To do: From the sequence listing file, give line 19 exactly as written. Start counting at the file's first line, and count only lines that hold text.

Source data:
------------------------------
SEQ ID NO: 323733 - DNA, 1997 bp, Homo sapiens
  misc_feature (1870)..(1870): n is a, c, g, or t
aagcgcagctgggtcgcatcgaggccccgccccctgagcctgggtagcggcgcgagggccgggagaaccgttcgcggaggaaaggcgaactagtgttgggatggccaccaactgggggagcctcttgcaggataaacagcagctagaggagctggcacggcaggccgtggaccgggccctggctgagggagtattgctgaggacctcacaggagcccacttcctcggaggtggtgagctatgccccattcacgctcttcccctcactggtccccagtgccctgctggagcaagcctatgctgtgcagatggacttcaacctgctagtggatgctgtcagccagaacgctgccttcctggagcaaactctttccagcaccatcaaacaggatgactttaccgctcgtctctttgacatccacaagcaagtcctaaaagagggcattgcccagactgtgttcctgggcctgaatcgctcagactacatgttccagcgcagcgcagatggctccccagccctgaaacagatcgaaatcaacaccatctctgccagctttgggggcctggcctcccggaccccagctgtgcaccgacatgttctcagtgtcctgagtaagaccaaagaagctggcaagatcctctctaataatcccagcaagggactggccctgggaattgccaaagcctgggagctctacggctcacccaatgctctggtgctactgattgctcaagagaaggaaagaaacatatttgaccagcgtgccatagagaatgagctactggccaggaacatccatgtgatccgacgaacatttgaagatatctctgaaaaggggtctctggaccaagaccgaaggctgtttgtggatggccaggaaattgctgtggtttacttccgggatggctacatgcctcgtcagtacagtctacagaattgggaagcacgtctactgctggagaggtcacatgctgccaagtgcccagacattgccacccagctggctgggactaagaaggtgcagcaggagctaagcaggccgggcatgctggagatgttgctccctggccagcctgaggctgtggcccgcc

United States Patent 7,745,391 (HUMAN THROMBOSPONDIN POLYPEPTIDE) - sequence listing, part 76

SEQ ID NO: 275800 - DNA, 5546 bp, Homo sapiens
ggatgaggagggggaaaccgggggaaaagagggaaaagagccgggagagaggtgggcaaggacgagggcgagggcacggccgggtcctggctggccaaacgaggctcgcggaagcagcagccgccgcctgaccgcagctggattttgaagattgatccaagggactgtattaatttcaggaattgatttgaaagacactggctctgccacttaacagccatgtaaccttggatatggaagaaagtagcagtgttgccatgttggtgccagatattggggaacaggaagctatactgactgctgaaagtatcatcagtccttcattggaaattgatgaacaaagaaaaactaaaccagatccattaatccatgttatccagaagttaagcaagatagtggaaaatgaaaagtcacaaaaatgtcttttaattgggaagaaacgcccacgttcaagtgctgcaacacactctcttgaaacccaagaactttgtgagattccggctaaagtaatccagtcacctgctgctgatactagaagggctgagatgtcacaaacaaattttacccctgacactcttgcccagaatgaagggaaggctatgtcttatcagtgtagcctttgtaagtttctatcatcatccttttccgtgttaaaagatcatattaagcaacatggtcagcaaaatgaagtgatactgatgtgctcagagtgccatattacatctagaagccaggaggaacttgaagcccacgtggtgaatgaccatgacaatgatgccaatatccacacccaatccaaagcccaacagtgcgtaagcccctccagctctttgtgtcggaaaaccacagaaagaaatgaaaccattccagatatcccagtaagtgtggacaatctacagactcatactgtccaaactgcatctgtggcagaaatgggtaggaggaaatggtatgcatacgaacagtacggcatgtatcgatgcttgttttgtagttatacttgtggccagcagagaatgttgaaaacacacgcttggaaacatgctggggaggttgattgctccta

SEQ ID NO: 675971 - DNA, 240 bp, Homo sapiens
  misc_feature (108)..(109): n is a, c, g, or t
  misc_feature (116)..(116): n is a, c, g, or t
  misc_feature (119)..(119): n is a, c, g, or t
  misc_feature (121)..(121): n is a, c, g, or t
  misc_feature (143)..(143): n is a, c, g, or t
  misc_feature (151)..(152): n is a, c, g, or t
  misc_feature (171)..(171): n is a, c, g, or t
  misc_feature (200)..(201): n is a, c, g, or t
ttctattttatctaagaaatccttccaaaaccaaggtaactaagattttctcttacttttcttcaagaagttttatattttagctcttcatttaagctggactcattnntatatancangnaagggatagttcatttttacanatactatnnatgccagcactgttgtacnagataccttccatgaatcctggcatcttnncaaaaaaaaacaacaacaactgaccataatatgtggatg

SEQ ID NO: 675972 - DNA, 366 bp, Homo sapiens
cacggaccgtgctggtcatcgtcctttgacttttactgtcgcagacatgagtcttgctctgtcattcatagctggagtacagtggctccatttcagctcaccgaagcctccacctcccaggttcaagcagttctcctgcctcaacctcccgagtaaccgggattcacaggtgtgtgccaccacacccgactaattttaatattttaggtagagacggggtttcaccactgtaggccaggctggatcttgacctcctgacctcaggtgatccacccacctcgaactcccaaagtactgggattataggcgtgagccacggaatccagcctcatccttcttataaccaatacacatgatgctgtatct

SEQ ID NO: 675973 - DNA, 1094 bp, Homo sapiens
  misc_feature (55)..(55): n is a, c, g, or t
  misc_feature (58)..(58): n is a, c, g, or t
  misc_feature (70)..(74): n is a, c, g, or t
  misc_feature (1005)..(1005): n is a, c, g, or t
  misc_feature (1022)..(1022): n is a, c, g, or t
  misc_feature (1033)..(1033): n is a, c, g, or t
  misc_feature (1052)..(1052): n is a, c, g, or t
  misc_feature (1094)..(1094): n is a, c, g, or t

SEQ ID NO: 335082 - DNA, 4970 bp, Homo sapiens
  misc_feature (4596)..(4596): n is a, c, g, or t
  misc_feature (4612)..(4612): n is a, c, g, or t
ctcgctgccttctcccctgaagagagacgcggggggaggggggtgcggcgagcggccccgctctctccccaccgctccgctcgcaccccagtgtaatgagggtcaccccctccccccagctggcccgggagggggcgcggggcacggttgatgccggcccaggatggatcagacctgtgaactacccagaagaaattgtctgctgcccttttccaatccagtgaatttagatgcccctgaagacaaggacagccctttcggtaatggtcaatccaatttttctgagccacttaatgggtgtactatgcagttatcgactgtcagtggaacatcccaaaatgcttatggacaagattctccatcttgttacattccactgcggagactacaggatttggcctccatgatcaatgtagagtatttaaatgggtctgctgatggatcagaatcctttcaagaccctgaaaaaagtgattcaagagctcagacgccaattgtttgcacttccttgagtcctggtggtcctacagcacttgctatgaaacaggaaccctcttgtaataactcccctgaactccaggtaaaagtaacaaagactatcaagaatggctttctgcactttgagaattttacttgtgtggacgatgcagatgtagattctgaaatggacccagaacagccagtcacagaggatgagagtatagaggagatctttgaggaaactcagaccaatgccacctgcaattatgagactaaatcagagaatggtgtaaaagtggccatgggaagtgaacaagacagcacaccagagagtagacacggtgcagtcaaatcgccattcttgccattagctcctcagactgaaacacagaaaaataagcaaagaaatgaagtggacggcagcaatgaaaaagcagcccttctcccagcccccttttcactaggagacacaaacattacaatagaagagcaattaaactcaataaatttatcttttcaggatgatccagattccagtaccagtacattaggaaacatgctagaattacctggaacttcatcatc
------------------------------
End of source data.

SEQ ID NO: 675973 - DNA, 1094 bp, Homo sapiens